Beach Studio Tour marks 20 years of celebrating local artists
This spring marks 20 years of Beach artists opening their home studios to the public, with the 21st Spring Beach Studio Tour set to take place this weekend, from May 2 to 4.
Weaver and clothing designer Lucille Crighton has been there for all 40 tours (including the annual fall tours). It’s been such a success for her that the Beach Studio Tour and the One Of A Kind Show are the only two events she takes part in every year.
Crighton said she is looking forward to yet another weekend of catching up with long-term clients and friends.
“The spring tour is like the rite of spring,” she said. “A lot of people come back again and again. I’ve built strong relationships with my customers because I’m interested in them, and they’re interested in how an artist works.”
Those, in a nutshell, are the main reasons for the success of the tour, which is the longest-running studio tour in the city – the access to a creator’s workspace (most shared with visiting artists), combined with the relationships artists build with those who are touched by art.
“It’s such a beautiful way to connect with people, through the arts,” said current tour chair Nathalie Vachon. She has taken part in the tour for 10 years.
There are many who have been on the juried tour since the early years, a testament to its success – fine artist Dianne Shelton and photographer John Dowding have both been taking part since the second year.
Vachon, a painter and entertainer, immediately embraced the tour and local art scene when she returned to the Beach a decade ago.
“It was really the first call I made when we got an apartment in the Beach,” said Vachon. “It’s the best decision I’ve ever made. It’s a great community of artists.”
Crighton organizes a pre-tour for the artists themselves. Usually artists are unable to leave their locations to check out the work of others on the tour, so the entire group of 24 artists travels together with 10-minute stops at each location on the Friday afternoon before the official tour begins.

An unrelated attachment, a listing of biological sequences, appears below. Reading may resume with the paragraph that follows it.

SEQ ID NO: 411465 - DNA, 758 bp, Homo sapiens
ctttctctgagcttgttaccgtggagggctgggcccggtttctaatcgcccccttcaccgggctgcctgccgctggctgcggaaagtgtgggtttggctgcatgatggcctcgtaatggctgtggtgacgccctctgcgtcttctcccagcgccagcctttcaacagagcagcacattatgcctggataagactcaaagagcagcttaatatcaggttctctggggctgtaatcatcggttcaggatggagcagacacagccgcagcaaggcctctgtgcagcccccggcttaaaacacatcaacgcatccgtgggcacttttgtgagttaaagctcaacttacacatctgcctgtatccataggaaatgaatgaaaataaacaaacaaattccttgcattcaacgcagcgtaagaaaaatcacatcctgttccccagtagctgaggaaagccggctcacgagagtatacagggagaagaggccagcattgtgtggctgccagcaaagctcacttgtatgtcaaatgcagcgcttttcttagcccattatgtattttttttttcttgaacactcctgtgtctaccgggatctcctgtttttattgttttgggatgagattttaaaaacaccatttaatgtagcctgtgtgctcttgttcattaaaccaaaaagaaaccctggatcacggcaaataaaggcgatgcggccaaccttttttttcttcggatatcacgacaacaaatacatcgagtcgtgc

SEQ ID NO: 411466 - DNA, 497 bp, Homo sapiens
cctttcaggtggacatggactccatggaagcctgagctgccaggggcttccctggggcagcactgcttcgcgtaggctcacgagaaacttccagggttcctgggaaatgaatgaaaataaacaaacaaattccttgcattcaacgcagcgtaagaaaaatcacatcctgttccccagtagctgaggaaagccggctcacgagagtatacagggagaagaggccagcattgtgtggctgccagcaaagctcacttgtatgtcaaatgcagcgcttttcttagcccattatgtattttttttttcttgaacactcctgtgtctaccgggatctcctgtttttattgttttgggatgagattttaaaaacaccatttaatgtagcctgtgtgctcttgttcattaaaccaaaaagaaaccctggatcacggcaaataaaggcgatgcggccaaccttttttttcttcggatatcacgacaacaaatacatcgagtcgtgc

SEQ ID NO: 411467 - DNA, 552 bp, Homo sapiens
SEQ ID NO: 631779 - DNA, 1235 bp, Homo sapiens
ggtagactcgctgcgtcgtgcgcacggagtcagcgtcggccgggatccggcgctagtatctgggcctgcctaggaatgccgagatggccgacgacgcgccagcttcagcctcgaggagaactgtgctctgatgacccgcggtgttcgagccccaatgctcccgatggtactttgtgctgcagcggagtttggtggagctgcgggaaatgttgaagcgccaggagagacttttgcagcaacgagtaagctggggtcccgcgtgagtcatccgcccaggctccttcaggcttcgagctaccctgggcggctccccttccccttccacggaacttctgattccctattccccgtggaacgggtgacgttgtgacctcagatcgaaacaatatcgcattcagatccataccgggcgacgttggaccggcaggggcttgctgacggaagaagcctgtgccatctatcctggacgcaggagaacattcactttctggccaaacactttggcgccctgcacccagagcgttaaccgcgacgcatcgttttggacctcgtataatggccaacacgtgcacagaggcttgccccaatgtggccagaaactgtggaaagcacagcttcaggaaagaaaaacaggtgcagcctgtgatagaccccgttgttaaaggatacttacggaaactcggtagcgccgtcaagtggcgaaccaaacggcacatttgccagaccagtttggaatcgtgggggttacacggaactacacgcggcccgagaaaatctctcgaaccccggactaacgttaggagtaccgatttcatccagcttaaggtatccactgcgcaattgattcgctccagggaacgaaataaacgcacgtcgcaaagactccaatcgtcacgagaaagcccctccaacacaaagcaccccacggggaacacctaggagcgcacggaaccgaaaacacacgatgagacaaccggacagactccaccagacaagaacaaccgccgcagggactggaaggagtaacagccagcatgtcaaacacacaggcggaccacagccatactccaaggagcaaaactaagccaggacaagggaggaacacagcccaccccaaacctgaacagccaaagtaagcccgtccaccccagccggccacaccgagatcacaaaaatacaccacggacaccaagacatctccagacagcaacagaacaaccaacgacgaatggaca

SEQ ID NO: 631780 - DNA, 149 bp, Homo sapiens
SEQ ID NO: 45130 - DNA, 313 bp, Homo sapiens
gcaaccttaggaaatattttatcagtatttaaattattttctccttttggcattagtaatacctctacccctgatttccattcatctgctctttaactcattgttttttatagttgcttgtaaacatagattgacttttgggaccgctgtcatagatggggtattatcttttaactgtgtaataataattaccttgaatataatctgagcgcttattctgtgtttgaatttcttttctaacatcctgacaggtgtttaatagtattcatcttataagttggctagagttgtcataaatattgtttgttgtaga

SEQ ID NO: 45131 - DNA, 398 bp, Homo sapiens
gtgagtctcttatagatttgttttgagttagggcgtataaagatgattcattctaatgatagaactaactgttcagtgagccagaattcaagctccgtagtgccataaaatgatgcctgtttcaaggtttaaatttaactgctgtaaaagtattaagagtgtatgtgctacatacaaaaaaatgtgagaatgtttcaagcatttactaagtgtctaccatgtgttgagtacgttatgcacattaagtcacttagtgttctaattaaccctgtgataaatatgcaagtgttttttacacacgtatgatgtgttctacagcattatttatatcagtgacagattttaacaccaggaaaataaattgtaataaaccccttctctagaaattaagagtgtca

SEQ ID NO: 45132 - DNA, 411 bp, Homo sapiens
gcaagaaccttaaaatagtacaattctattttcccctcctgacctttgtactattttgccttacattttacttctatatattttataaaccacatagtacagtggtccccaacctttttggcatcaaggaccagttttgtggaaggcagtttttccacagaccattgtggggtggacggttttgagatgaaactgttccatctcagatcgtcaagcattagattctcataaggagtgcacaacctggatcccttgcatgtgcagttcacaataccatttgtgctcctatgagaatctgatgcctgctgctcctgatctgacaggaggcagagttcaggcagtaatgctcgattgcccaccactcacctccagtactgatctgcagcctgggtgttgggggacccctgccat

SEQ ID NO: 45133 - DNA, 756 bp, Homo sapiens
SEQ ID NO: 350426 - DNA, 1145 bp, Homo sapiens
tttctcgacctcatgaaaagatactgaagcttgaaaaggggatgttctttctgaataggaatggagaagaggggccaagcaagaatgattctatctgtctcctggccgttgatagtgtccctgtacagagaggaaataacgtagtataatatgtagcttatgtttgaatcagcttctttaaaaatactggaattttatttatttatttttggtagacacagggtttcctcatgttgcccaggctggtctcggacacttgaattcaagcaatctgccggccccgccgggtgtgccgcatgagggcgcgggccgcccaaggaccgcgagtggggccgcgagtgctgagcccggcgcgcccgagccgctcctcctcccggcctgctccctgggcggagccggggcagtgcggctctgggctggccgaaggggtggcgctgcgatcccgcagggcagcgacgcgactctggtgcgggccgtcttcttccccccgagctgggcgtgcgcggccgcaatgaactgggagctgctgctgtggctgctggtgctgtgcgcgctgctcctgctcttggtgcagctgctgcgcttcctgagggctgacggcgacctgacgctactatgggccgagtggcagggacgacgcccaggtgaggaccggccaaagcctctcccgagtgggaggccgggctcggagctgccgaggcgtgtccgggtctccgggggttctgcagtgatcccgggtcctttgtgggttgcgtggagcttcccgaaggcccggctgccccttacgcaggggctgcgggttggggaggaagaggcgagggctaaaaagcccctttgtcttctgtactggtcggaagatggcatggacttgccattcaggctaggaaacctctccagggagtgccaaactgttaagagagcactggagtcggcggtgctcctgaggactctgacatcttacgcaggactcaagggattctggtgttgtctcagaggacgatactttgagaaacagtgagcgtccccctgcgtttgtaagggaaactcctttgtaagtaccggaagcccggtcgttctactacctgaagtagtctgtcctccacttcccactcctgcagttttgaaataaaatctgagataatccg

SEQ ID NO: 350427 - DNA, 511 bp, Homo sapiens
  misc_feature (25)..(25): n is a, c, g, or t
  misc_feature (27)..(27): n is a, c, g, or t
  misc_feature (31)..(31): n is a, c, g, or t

The tour was founded in 1994 by Carolyn Barnett and Susan Macdonald.
Both have since moved away, though both take part in tours in their current hometowns. Barnett is returning as a visiting artist for the spring tour, sharing Roderick Mayne’s Kingswood Avenue location.
Crighton, who had already been organizing showings at her home with other artists, was happy to join in right from the start.
“When Carolyn started the tour it was great, because everything wasn’t just on my shoulders,” she said.
While she speaks to visitors about her work on the main floor during the tour, she enlists friends to give tours of her looms and work rooms upstairs.
“If I’m not selling, I’m educating people,” said Crighton, who said she sometimes misses teaching, which she’s done throughout the US and here in Ontario.
“I loved seeing the light bulbs go off when people got it,” she said. However, “I found I couldn’t divide my time between teaching and weaving.”
Vachon has also embraced the organizational side – she joined the executive committee six years ago. She said organizers are constantly looking to improve the tour for both artists and art lovers. This year the website (beachstudiotour.ca) received a full overhaul, along with the design of the map and promotional materials.
“Every year we try to do something new,” she said.
To help celebrate the 20th birthday, a party was held in April. During the speeches, Beaches-East York MPP Michael Prue mentioned that artists are the soul of a community, which really summed up the importance of the tour for Vachon.
“It’s such an honour when something you create speaks to somebody on a powerful and deep level,” she said.
The sharing of studios with artists from outside the Beach area also adds some great variety, said Vachon.
“The art we create is influenced by our surroundings and our stories, so it’s great to have others come bring their stories,” she said.
And for art lovers or those simply curious about home art studios, the tour is not only a great way to access local artists, but a great neighbourhood to traverse while moving from one studio to the next.
“We have such an incredible backdrop for that,” said Vachon.
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